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Custom Validators

jmarceli edited this page · 33 revisions

Custom Validators

Local Validators

Client Side Validations supports the use of custom validators in Rails 3. The following is an example for creating a custom validator that validates the format of email addresses.

Let's say you have several models that all have email fields and you are validating the format of that email address on each one. This is a common validation and could probably benefit from a custom validator. We're going to put the validator into config/initializers/email_validator.rb

# config/initializers/email_validator.rb
class EmailValidator < ActiveModel::EachValidator
  def validate_each(record, attr_name, value)
    unless value =~ /^([^@\s]+)@((?:[-a-z0-9]+\.)+[a-z]{2,})$/i
      record.errors.add(attr_name, :email, options.merge(:value => value))
    end
  end
end

# This allows us to assign the validator in the model
module ActiveModel::Validations::HelperMethods
  def validates_email(*attr_names)
    validates_with EmailValidator, _merge_attributes(attr_names)
  end
end

Next we need to add the error message to the Rails i18n file config/locales/en.yml

# config/locales/en.yml
en:
  errors:
    messages:
      email: "Not an email address"

Finally we need to add a client side validator. This can be done by hooking into the ClientSideValidations.validator object. Create a new file public/javascripts/rails.validations.custom.js

// public/javascripts/rails.validations.custom.js

// The validator variable is a JSON Object
// The selector variable is a jQuery Object
window.clientSideValidations.validators.local['email'] = function(element, options) {
  // Your validator code goes in here
  if (!/^([^@\s]+)@((?:[-a-z0-9]+\.)+[a-z]{2,})$/i.test(element.val())) {
    // When the value fails to pass validation you need to return the error message.
    // It can be derived from validator.message
    return options.message;
  }
}

Don't forget to include your new javscript file

<%= javascript_include_tag 'jquery', 'rails.validations', 'rails.validations.custom' -%>

That's it! Now you can use the custom validator as you would any other validator in your model

# app/models/person.rb
class Person < ActiveRecord::Base
  validates_email :email
end

Client Side Validations will apply the new validator and validate your forms as needed.

Remote Validators

A good example of a remote validator would be for Zipcodes. It wouldn't be reasonable to embed every single zipcode inline, so we'll need to check for its existence with remote javascript call back to our app. Assume we have a zipcode database mapped to the model Zipcode. The primary key is the unique zipcode. Our Rails validator would probably look something like this:

# config/initializers/validators/zipcode_validator.rb
class ZipcodeValidator < ActiveModel::EachValidator
  def validate_each(record, attr_name, value)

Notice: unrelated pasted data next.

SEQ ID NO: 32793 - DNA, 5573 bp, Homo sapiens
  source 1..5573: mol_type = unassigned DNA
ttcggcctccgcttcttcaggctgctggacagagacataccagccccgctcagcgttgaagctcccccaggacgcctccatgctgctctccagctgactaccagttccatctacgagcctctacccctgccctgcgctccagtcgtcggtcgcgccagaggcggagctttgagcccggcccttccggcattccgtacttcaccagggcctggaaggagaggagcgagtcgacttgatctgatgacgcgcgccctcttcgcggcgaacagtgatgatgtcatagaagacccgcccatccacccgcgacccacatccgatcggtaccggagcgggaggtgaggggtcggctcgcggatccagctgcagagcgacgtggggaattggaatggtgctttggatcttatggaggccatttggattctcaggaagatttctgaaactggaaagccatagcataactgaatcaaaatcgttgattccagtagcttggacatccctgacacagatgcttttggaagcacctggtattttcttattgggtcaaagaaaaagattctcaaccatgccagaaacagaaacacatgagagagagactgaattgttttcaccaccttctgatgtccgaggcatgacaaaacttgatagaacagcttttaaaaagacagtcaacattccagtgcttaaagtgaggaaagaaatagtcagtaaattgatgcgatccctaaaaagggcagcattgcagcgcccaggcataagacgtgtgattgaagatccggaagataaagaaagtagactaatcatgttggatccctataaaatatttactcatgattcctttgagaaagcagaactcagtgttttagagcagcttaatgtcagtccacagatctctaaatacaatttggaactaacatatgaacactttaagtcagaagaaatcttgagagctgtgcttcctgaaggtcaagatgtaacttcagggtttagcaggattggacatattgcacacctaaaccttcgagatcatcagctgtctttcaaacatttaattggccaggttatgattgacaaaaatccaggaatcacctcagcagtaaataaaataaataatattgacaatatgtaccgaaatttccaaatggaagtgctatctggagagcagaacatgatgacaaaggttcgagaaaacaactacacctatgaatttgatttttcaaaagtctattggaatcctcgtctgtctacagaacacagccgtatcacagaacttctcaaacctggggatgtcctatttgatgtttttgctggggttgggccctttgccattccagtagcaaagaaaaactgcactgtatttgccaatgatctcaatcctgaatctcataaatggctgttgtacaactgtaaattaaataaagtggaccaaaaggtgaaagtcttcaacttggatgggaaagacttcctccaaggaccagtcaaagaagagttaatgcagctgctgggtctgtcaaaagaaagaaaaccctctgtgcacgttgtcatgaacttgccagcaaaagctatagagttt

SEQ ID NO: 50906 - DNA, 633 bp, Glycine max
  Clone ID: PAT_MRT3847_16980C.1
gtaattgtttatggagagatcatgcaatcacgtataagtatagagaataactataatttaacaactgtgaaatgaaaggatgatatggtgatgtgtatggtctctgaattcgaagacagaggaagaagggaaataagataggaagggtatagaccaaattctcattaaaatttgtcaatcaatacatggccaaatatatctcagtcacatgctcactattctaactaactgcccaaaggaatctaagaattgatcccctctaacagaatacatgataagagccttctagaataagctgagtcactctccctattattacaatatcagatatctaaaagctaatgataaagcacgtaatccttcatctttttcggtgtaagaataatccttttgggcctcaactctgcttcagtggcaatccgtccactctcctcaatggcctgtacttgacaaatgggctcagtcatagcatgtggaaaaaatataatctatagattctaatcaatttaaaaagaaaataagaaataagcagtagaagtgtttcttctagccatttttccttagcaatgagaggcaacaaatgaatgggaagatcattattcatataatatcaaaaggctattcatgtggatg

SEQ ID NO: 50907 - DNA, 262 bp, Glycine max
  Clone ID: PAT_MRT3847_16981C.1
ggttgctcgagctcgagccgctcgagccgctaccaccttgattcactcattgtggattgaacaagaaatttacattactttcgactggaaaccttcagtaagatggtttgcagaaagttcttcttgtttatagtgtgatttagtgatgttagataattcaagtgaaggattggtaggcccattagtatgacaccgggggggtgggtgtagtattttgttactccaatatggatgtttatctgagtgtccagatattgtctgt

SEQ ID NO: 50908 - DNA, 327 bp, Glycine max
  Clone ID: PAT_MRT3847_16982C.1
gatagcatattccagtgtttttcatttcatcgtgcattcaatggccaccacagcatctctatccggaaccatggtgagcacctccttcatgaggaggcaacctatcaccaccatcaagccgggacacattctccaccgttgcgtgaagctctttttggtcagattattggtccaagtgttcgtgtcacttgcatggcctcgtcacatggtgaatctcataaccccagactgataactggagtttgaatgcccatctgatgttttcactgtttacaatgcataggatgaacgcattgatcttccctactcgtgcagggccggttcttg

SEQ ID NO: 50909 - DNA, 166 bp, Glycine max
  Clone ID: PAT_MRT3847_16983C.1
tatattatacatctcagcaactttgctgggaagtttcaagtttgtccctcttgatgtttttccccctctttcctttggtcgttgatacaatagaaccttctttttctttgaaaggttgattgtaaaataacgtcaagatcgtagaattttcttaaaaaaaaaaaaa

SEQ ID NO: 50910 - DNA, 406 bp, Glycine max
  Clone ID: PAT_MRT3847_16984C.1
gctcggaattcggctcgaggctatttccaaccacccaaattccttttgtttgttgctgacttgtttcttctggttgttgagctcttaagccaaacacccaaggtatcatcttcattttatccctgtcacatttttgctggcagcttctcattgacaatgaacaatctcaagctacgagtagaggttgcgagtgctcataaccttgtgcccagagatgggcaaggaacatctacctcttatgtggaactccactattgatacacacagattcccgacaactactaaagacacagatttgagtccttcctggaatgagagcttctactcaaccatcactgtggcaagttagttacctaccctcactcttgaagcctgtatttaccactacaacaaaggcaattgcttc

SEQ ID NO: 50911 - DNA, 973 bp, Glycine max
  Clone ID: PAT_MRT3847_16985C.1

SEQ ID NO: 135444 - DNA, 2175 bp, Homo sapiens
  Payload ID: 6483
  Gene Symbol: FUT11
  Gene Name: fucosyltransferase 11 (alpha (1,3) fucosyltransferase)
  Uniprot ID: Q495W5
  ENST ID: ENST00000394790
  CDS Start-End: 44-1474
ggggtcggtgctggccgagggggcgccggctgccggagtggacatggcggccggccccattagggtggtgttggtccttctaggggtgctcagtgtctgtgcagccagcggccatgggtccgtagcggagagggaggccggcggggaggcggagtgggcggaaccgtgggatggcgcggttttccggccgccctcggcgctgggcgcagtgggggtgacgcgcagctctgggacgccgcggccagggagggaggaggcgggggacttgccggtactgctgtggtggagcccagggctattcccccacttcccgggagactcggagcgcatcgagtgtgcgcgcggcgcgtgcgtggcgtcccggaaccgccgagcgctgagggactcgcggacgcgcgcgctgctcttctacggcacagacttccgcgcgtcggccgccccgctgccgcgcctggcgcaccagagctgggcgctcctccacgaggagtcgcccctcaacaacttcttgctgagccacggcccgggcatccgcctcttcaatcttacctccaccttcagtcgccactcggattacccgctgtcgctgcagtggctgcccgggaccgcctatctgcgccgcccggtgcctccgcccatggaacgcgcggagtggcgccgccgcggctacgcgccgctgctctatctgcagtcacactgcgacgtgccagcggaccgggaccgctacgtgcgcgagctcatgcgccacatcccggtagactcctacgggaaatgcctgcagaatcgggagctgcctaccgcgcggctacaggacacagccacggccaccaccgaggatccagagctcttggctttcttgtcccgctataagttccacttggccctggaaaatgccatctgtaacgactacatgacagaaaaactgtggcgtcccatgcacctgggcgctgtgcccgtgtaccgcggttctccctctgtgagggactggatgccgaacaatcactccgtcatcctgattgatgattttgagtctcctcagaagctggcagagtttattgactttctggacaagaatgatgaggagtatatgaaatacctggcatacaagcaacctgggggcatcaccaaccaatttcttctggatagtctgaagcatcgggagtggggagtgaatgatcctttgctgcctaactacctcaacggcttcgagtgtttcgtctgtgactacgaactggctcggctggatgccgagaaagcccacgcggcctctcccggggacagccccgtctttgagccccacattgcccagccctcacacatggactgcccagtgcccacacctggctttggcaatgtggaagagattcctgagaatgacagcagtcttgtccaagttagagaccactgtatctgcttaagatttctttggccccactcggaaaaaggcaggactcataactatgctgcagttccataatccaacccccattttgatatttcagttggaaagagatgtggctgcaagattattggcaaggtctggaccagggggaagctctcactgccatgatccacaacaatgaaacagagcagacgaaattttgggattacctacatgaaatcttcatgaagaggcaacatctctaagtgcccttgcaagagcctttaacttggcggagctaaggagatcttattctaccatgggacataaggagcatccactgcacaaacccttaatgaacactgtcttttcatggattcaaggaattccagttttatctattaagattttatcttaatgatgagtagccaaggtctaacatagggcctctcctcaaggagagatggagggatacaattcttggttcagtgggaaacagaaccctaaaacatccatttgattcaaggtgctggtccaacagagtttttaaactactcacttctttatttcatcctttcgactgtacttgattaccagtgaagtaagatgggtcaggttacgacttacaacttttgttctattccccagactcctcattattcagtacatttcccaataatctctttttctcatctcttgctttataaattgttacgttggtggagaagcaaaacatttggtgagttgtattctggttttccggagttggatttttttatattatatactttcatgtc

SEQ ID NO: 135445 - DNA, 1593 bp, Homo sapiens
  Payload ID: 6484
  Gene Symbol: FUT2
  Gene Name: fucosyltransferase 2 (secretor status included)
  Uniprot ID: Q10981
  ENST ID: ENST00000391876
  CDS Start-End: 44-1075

unless ::Zipcode.where(:id => value).exists?
      record.errors.add(attr_name, :zipcode, options.merge(:value => value))
    end
  end
end

# This allows us to assign the validator in the model
module ActiveModel::Validations::HelperMethods
  def validates_zipcode(*attr_names)
    validates_with ZipcodeValidator, _merge_attributes(attr_names)
  end
end

Of course we still need to add the i18n message:

en:
  errors:
    messages:
      zipcode: "Not a valid US zip code"

And let's add the Javascript validator. Because this will be remote validator we need to add it to ClientSideValidations.validators.remote:

ClientSideValidations.validators.remote['zipcode'] = function(element, options) {
  if ($.ajax({
    url: '/validators/zipcode',
    data: { id: element.val() },
    // async *must* be false
    async: false
  }).status == 404) { return options.message; }
}

All we're doing here is checking to see if the resource exists (in this case the given zipcode) and if it doesn't the error message is returned.

Notice that the remote call is forced to async: false. This is necessary and the validator may not work properly if this is left out.

Now the extra step for adding a remote validator is to add to the middleware. All ClientSideValidations middleware should inherit from ClientSideValidations::Middleware::Base:

# config/initializers/validators/zipcode_validator.rb
#
# ... here is previously defined content
#
module ClientSideValidations::Middleware
  class ZipCode < Base
    def response
      if ::Zipcode.where(:id => request.params[:id]).exists?
        self.status = 200
      else
        self.status = 404
      end
      super
    end
  end
end

The #response method is always called and it should set the status accessor. Then a call to super is required. In the javascript we set the 'id' in the params to the value of the zipcode input, in the middleware we check to see if this zipcode exists in our zipcode database. If it does, we return 200, if it doesn't we return 404.

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